Anita Nair

The Eleven O’clock News by Anita Nair

The Eleven O’clock News is about watching reports of a war taking place on the news. The poem then describes how this relates to the narrator’s own experiences of having lost their father in the fighting. The poem drifts between images seen on TV and dealing with the real-life fallout from the unnamed conflict. In the final stanza, there seems to be a sense of foreboding and the suggestion could be that the narrator’s son could one day go on to follow in the footsteps of their grandfather who unfortunately lost his life.

The Eleven O'clock News By Anita Nair


Form and Tone

The poem is written in free verse. It is separated into six uneven stanzas. There is no discernible rhyming pattern although there are a few end rhymes in the second stanza. This could be a coincidence or contain symbolism. The tone is quite downbeat. The Eleven O’clock News describes the effects of war presumably from the standpoint of someone who is watching stories of the war on the late-night news.


The Eleven O’clock News Analysis

First stanza

The beginning of this stanza describes what sounds like a war zone. It is likely that this is a scene being watched on a news report owing to the title of the poem. (Although that isn’t necessarily the case) The hills are described as being “Green jagged toothed” straight away this description creates tension as it is a negative description. It describes a soldier wearing a “white badge of honour” on his foot. Is this a way of describing a plaster cast? Or perhaps more shockingly a prosthesis. The seventh line of this stanza is particularly profound as it states that these soldier’s eyes “say nothing” is this because he has had his spirit crushed? Has the light behind his eyes been extinguished? Maybe. The narrator then continues to describe two further soldiers who are smiling and send a message home to their families that they are alive. This message once again gives the suggestion that this scene is indeed playing out on the news.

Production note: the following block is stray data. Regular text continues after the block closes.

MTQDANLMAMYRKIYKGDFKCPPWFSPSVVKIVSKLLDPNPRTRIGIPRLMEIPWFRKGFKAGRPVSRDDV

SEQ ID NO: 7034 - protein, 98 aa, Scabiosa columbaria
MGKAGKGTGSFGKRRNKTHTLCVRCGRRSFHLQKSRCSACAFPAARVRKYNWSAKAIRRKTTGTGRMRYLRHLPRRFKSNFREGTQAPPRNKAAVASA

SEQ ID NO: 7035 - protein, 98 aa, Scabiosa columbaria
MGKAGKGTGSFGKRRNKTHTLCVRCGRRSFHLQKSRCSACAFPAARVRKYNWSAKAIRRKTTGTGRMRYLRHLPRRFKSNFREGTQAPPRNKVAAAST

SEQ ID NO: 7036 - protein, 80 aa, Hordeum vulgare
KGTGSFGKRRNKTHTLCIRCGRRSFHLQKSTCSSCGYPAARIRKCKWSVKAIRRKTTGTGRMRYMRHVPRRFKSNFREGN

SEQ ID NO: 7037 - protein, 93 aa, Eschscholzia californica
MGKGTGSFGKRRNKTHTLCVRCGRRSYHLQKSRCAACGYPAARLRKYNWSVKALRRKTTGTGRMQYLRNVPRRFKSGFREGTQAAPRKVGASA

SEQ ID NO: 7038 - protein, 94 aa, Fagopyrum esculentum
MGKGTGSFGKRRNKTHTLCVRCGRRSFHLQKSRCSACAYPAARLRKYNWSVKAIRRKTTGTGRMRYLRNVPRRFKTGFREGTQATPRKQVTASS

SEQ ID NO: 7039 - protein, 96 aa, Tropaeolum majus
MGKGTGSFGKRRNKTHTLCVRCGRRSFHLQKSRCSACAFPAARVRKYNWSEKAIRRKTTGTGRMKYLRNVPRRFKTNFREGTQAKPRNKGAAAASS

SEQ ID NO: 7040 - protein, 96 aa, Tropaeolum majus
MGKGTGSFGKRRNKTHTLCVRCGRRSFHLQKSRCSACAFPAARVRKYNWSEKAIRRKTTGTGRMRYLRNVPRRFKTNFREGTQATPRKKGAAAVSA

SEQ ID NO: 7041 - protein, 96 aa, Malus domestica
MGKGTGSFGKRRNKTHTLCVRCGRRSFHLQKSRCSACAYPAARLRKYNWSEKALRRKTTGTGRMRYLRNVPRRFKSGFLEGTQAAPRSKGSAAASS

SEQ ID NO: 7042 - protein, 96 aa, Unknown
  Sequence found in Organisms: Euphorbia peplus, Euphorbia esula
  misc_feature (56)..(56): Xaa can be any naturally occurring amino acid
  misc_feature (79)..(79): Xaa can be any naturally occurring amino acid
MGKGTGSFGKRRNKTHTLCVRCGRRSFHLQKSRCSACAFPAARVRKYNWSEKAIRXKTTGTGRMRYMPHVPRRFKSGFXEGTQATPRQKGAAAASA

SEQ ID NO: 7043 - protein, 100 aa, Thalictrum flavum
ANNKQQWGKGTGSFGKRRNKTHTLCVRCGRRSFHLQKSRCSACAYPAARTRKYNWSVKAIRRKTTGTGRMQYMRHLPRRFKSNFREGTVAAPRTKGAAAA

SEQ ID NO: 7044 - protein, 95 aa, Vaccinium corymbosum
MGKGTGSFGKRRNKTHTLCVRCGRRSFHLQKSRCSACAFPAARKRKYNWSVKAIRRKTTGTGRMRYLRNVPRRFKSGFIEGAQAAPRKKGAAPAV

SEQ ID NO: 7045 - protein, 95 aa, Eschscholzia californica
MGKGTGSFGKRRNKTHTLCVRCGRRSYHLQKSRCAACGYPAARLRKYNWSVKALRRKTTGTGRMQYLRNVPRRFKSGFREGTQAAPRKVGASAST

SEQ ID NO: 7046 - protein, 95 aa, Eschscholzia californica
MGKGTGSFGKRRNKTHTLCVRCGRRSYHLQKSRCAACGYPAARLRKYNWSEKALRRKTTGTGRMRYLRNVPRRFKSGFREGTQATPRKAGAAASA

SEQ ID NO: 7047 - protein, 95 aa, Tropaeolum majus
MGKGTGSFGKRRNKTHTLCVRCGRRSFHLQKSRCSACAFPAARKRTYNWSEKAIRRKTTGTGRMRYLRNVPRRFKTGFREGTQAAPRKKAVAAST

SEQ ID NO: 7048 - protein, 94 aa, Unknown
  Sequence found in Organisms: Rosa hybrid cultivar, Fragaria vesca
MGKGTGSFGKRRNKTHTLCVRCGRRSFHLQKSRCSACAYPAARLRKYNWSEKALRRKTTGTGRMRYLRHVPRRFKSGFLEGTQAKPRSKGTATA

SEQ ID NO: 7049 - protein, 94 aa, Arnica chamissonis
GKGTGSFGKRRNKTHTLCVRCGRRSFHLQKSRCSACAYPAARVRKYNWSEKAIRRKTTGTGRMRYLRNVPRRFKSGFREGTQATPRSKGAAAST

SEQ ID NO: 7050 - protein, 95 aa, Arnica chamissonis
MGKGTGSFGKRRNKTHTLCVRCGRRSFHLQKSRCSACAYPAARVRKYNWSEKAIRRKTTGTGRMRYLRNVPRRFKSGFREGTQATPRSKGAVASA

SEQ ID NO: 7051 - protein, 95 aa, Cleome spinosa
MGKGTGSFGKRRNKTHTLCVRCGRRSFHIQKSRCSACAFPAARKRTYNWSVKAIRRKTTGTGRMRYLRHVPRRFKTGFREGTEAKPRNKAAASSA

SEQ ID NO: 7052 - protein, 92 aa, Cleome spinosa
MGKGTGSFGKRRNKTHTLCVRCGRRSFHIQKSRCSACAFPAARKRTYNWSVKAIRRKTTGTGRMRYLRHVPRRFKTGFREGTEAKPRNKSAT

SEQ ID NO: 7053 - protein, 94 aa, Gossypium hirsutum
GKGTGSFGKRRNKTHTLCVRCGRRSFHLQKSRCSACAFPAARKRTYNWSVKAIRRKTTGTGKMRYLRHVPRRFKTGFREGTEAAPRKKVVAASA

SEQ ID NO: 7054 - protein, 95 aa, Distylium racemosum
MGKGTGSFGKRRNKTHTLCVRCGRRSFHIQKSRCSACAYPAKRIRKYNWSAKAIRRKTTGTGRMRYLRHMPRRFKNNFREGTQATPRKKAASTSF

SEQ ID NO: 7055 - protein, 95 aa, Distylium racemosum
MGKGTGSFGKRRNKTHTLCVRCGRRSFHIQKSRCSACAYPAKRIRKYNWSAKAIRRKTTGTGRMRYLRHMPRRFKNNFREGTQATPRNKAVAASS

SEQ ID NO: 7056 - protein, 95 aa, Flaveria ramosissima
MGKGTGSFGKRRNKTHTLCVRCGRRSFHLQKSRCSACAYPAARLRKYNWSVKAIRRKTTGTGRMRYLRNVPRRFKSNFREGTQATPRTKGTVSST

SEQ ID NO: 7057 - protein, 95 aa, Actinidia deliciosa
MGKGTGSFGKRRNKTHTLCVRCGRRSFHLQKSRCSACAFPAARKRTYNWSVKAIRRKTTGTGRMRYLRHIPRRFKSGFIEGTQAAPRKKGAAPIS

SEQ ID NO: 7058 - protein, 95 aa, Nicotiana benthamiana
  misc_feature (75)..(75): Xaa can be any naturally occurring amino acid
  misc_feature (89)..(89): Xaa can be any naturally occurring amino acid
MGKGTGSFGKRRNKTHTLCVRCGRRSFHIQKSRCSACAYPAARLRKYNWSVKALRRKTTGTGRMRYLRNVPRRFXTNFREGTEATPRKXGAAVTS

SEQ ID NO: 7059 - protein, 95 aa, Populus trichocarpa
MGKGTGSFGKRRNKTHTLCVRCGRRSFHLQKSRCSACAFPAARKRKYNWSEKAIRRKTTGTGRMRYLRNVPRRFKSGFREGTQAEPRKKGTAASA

Second stanza

Here we see the other side of the war. In the first stanza, the scenes described were relatively positive. Certainly, the image of the soldiers proclaiming that they were alive and coming home could be construed that way. Here we are afforded no such positive news. One of the soldiers has died. What is interesting is the soldiers in the first stanza are generic, this guy is given a name. The stanza then goes on to talk about his wife’s reaction to his death. She reacts badly and interestingly the narrator seems to mirror her actions. They huddle up and join in with her “cries” why is this? It is revealed in the following stanza but leaving such an ominous action without explaining it creates a palpable tension as we continue into the third stanza.


Third stanza